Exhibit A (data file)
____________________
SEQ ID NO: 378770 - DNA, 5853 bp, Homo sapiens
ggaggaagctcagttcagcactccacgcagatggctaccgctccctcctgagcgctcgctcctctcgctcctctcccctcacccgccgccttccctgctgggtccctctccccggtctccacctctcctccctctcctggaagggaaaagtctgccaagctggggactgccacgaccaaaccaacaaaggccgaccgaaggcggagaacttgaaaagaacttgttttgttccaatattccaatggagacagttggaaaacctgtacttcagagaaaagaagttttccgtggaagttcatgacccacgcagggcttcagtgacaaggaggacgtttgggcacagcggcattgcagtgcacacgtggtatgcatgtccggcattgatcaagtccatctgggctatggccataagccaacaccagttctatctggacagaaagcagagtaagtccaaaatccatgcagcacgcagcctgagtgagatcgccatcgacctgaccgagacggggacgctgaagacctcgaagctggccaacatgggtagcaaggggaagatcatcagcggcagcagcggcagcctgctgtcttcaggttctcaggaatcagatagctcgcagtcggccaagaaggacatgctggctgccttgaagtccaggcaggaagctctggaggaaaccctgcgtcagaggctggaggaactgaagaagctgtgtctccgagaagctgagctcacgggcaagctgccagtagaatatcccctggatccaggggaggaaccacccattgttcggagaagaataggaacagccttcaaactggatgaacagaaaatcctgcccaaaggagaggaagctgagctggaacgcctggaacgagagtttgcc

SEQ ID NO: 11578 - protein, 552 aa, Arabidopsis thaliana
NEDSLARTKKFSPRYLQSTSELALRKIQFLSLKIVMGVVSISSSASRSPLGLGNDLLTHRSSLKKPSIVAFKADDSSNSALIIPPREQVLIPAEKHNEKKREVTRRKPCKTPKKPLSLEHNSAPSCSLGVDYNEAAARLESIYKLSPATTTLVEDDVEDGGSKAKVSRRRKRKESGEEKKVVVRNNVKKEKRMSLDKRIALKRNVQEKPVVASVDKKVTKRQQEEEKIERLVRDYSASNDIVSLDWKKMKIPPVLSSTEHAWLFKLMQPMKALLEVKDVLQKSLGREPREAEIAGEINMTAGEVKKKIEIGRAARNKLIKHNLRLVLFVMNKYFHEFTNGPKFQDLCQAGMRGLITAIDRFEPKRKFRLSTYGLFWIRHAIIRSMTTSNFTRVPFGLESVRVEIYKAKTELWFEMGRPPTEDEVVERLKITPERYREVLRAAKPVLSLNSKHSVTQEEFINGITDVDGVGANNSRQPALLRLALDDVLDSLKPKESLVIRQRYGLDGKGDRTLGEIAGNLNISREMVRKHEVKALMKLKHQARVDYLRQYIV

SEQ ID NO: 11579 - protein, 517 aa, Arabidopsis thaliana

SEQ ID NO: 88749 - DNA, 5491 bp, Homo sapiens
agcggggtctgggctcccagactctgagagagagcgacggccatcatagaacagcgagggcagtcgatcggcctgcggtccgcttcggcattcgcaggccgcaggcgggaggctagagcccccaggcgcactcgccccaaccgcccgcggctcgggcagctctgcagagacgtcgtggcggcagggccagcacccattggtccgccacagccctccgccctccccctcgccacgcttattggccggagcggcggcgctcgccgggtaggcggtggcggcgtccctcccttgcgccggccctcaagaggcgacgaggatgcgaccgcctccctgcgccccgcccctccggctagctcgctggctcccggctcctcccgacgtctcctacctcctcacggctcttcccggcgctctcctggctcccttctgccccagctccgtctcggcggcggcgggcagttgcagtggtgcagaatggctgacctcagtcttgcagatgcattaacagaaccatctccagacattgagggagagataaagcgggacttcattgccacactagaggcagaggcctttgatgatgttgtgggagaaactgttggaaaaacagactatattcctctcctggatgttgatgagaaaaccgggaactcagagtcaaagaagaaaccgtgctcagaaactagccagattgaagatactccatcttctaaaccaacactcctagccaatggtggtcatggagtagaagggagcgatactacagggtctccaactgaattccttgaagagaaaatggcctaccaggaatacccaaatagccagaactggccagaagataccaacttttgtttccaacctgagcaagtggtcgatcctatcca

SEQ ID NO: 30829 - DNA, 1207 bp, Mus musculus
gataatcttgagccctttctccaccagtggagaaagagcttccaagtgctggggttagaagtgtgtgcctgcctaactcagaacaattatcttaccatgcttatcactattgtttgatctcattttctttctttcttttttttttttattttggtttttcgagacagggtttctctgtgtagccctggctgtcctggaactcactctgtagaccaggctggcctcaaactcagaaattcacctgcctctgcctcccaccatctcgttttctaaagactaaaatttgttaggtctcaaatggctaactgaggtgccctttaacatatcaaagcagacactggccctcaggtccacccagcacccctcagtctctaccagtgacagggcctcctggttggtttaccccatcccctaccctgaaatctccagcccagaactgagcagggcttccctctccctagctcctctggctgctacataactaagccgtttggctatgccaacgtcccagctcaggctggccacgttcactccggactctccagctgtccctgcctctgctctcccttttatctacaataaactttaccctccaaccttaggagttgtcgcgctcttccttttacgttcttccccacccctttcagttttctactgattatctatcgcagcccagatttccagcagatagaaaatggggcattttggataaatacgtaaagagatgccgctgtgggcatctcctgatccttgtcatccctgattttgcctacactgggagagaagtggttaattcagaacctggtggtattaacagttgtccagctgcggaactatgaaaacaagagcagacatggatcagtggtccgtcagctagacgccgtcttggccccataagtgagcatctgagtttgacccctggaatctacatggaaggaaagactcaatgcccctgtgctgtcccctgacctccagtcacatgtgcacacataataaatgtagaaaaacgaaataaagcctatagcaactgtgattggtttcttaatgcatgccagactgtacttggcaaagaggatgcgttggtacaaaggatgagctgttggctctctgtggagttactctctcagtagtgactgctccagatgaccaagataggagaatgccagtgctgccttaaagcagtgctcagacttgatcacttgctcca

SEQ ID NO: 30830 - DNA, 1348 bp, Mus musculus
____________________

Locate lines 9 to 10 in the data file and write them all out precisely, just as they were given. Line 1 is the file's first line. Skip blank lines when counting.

gataatcttgagccctttctccaccagtggagaaagagcttccaagtgctggggttagaagtgtgtgcctgcctaactcagaacaattatcttaccatgcttatcactattgtttgatctcattttctttctttcttttttttttttattttggtttttcgagacagggtttctctgtgtagccctggctgtcctggaactcactctgtagaccaggctggcctcaaactcagaaattcacctgcctctgcctcccaccatctcgttttctaaagactaaaatttgttaggtctcaaatggctaactgaggtgccctttaacatatcaaagcagacactggccctcaggtccacccagcacccctcagtctctaccagtgacagggcctcctggttggtttaccccatcccctaccctgaaatctccagcccagaactgagcagggcttccctctccctagctcctctggctgctacataactaagccgtttggctatgccaacgtcccagctcaggctggccacgttcactccggactctccagctgtccctgcctctgctctcccttttatctacaataaactttaccctccaaccttaggagttgtcgcgctcttccttttacgttcttccccacccctttcagttttctactgattatctatcgcagcccagatttccagcagatagaaaatggggcattttggataaatacgtaaagagatgccgctgtgggcatctcctgatccttgtcatccctgattttgcctacactgggagagaagtggttaattcagaacctggtggtattaacagttgtccagctgcggaactatgaaaacaagagcagacatggatcagtggtccgtcagctagacgccgtcttggccccataagtgagcatctgagtttgacccctggaatctacatggaaggaaagactcaatgcccctgtgctgtcccctgacctccagtcacatgtgcacacataataaatgtagaaaaacgaaataaagcctatagcaactgtgattggtttcttaatgcatgccagactgtacttggcaaagaggatgcgttggtacaaaggatgagctgttggctctctgtggagttactctctcagtagtgactgctccagatgaccaagataggagaatgccagtgctgccttaaagcagtgctcagacttgatcacttgctcca

SEQ ID NO: 30830 - DNA, 1348 bp, Mus musculus